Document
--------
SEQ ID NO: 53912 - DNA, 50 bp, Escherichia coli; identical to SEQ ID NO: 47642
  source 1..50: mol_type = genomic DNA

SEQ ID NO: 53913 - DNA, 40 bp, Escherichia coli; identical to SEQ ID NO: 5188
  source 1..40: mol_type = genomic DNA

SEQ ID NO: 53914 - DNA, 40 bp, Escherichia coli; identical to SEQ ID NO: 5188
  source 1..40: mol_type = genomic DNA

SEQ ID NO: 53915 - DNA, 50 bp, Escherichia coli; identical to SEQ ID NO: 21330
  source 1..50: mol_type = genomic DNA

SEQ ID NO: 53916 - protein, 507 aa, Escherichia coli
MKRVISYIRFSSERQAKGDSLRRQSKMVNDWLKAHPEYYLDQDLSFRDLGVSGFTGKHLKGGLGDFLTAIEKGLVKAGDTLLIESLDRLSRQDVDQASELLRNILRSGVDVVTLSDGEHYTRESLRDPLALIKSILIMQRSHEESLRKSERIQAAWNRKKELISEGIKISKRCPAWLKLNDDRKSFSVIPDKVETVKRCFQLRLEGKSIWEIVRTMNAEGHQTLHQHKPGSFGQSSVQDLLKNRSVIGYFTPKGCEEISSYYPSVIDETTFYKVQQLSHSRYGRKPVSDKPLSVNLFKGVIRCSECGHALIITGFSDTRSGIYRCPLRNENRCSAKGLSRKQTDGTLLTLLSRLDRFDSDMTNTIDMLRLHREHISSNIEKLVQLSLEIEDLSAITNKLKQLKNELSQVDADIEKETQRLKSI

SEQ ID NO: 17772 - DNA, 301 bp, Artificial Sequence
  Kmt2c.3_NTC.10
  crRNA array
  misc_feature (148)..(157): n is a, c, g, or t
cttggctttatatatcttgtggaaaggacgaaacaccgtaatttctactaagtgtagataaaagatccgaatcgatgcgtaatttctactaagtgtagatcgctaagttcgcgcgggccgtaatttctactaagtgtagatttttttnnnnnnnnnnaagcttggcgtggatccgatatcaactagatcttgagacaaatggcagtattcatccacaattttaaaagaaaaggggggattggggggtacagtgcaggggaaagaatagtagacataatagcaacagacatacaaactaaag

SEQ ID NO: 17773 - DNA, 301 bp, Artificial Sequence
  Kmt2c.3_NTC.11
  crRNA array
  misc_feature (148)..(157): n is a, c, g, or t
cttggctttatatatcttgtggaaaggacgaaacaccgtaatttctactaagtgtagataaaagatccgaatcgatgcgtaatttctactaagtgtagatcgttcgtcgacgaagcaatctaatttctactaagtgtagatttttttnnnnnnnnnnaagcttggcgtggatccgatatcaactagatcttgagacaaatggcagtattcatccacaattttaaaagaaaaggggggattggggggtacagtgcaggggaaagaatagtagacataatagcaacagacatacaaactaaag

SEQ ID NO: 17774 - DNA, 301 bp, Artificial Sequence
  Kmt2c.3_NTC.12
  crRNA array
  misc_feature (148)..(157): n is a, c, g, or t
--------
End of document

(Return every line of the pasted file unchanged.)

SEQ ID NO: 53912 - DNA, 50 bp, Escherichia coli; identical to SEQ ID NO: 47642
  source 1..50: mol_type = genomic DNA

SEQ ID NO: 53913 - DNA, 40 bp, Escherichia coli; identical to SEQ ID NO: 5188
  source 1..40: mol_type = genomic DNA

SEQ ID NO: 53914 - DNA, 40 bp, Escherichia coli; identical to SEQ ID NO: 5188
  source 1..40: mol_type = genomic DNA

SEQ ID NO: 53915 - DNA, 50 bp, Escherichia coli; identical to SEQ ID NO: 21330
  source 1..50: mol_type = genomic DNA

SEQ ID NO: 53916 - protein, 507 aa, Escherichia coli
MKRVISYIRFSSERQAKGDSLRRQSKMVNDWLKAHPEYYLDQDLSFRDLGVSGFTGKHLKGGLGDFLTAIEKGLVKAGDTLLIESLDRLSRQDVDQASELLRNILRSGVDVVTLSDGEHYTRESLRDPLALIKSILIMQRSHEESLRKSERIQAAWNRKKELISEGIKISKRCPAWLKLNDDRKSFSVIPDKVETVKRCFQLRLEGKSIWEIVRTMNAEGHQTLHQHKPGSFGQSSVQDLLKNRSVIGYFTPKGCEEISSYYPSVIDETTFYKVQQLSHSRYGRKPVSDKPLSVNLFKGVIRCSECGHALIITGFSDTRSGIYRCPLRNENRCSAKGLSRKQTDGTLLTLLSRLDRFDSDMTNTIDMLRLHREHISSNIEKLVQLSLEIEDLSAITNKLKQLKNELSQVDADIEKETQRLKSI

SEQ ID NO: 17772 - DNA, 301 bp, Artificial Sequence
  Kmt2c.3_NTC.10
  crRNA array
  misc_feature (148)..(157): n is a, c, g, or t
cttggctttatatatcttgtggaaaggacgaaacaccgtaatttctactaagtgtagataaaagatccgaatcgatgcgtaatttctactaagtgtagatcgctaagttcgcgcgggccgtaatttctactaagtgtagatttttttnnnnnnnnnnaagcttggcgtggatccgatatcaactagatcttgagacaaatggcagtattcatccacaattttaaaagaaaaggggggattggggggtacagtgcaggggaaagaatagtagacataatagcaacagacatacaaactaaag

SEQ ID NO: 17773 - DNA, 301 bp, Artificial Sequence
  Kmt2c.3_NTC.11
  crRNA array
  misc_feature (148)..(157): n is a, c, g, or t
cttggctttatatatcttgtggaaaggacgaaacaccgtaatttctactaagtgtagataaaagatccgaatcgatgcgtaatttctactaagtgtagatcgttcgtcgacgaagcaatctaatttctactaagtgtagatttttttnnnnnnnnnnaagcttggcgtggatccgatatcaactagatcttgagacaaatggcagtattcatccacaattttaaaagaaaaggggggattggggggtacagtgcaggggaaagaatagtagacataatagcaacagacatacaaactaaag

SEQ ID NO: 17774 - DNA, 301 bp, Artificial Sequence
  Kmt2c.3_NTC.12
  crRNA array
  misc_feature (148)..(157): n is a, c, g, or t